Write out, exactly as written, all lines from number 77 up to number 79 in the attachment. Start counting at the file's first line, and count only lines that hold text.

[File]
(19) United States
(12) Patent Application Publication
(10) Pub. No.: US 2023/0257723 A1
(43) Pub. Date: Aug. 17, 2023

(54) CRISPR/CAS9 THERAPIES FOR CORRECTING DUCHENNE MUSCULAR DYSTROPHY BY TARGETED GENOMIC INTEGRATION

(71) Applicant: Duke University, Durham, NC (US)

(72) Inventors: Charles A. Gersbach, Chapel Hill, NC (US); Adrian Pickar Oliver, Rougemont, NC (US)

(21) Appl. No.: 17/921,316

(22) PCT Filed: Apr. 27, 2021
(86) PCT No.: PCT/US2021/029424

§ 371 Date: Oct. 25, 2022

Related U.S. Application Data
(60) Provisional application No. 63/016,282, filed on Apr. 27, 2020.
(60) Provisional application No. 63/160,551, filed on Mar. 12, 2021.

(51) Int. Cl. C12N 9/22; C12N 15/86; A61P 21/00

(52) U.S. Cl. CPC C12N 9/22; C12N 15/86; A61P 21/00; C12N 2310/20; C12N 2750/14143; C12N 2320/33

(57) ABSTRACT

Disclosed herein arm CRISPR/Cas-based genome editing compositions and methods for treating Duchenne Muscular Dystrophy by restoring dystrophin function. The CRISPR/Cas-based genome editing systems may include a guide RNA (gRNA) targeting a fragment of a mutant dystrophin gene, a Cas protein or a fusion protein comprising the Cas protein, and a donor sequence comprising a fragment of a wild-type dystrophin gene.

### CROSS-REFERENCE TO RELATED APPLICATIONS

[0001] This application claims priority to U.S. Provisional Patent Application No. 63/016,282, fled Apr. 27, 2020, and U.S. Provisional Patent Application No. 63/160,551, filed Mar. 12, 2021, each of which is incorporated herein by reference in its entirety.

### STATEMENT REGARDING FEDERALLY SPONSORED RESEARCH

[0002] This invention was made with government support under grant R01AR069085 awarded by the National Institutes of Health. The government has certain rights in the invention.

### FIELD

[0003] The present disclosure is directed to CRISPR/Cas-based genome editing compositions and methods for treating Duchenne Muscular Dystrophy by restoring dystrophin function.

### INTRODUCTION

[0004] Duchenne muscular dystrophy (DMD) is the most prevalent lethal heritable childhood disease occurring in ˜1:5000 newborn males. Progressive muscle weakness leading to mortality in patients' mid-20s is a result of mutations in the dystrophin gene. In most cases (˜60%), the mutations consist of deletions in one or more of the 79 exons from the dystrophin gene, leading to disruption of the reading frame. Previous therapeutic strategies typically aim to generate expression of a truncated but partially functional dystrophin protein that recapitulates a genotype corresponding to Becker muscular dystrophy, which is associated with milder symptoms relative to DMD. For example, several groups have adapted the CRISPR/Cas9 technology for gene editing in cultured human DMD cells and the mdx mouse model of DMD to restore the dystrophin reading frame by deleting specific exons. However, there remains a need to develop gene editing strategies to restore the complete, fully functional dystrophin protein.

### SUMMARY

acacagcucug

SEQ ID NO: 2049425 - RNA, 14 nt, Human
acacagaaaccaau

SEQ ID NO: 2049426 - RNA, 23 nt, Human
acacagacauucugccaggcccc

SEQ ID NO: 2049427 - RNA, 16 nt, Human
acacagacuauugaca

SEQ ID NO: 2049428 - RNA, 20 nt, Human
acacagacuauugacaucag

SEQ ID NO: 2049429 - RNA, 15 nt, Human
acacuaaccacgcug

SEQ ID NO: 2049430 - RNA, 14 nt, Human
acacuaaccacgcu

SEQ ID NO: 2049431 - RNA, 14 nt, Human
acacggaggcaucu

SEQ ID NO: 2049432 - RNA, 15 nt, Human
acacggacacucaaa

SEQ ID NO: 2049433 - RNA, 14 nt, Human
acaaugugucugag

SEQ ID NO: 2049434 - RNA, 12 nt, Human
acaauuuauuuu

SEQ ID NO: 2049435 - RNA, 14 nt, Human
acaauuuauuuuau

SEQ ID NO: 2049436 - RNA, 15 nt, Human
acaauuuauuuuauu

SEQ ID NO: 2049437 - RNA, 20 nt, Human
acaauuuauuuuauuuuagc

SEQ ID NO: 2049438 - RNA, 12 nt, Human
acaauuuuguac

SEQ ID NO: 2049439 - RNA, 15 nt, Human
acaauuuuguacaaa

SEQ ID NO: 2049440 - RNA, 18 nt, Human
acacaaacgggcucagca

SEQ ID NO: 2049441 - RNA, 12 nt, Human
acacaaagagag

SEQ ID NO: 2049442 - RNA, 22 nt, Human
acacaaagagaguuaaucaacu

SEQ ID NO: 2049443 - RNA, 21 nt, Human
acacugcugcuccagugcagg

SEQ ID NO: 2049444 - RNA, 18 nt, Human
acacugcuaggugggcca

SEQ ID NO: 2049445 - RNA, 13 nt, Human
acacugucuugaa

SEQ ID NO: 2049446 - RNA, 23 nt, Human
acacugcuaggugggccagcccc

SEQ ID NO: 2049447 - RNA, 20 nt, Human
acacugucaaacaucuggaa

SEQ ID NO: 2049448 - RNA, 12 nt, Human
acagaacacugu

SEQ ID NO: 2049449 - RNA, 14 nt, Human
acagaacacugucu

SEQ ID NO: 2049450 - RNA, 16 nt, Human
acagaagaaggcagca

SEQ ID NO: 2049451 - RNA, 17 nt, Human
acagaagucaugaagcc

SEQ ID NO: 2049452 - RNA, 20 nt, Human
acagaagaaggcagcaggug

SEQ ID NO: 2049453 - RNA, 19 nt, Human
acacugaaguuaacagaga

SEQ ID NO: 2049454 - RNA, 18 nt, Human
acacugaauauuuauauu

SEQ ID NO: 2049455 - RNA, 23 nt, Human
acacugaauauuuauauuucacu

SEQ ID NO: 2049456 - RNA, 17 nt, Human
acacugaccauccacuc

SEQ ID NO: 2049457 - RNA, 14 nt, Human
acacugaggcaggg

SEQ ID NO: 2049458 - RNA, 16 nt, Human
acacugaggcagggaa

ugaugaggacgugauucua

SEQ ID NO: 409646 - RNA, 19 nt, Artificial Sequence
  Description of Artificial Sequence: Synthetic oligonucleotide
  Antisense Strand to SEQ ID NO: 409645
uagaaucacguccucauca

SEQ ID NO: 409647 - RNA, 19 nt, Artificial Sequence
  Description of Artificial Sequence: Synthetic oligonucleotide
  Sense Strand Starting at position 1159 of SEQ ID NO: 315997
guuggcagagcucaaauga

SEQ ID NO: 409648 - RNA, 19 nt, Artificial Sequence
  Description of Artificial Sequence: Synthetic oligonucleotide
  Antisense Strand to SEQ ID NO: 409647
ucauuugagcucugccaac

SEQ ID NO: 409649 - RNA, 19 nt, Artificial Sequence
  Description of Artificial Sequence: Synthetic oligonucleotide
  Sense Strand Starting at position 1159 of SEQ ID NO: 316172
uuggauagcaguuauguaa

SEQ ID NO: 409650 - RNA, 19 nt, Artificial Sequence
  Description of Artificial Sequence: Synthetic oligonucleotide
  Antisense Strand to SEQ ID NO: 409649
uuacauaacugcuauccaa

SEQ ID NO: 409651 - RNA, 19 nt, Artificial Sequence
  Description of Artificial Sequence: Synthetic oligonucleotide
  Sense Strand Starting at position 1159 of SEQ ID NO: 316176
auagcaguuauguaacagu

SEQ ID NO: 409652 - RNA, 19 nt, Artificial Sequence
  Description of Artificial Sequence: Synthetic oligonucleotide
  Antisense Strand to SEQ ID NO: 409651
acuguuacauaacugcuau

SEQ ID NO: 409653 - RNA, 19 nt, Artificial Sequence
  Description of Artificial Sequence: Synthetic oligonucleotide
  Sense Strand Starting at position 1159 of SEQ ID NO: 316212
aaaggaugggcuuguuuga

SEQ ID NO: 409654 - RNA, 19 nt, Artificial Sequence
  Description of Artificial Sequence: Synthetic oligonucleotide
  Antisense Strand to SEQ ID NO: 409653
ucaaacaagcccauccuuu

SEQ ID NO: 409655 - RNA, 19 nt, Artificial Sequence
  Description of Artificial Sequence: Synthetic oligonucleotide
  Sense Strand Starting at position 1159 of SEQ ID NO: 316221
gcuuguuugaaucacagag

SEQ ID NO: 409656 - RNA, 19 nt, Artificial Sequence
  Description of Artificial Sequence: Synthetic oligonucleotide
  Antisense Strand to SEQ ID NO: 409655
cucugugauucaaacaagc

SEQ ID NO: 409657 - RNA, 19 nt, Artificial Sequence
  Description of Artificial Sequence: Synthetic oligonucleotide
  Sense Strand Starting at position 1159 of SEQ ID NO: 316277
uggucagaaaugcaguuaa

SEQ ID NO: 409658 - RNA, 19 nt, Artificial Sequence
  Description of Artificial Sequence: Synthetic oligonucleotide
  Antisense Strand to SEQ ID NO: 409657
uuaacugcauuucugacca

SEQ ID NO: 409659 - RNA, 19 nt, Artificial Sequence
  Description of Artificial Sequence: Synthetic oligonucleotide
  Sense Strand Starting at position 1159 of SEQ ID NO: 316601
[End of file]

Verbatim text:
SEQ ID NO: 2049449 - RNA, 14 nt, Human
acagaacacugucu

SEQ ID NO: 2049450 - RNA, 16 nt, Human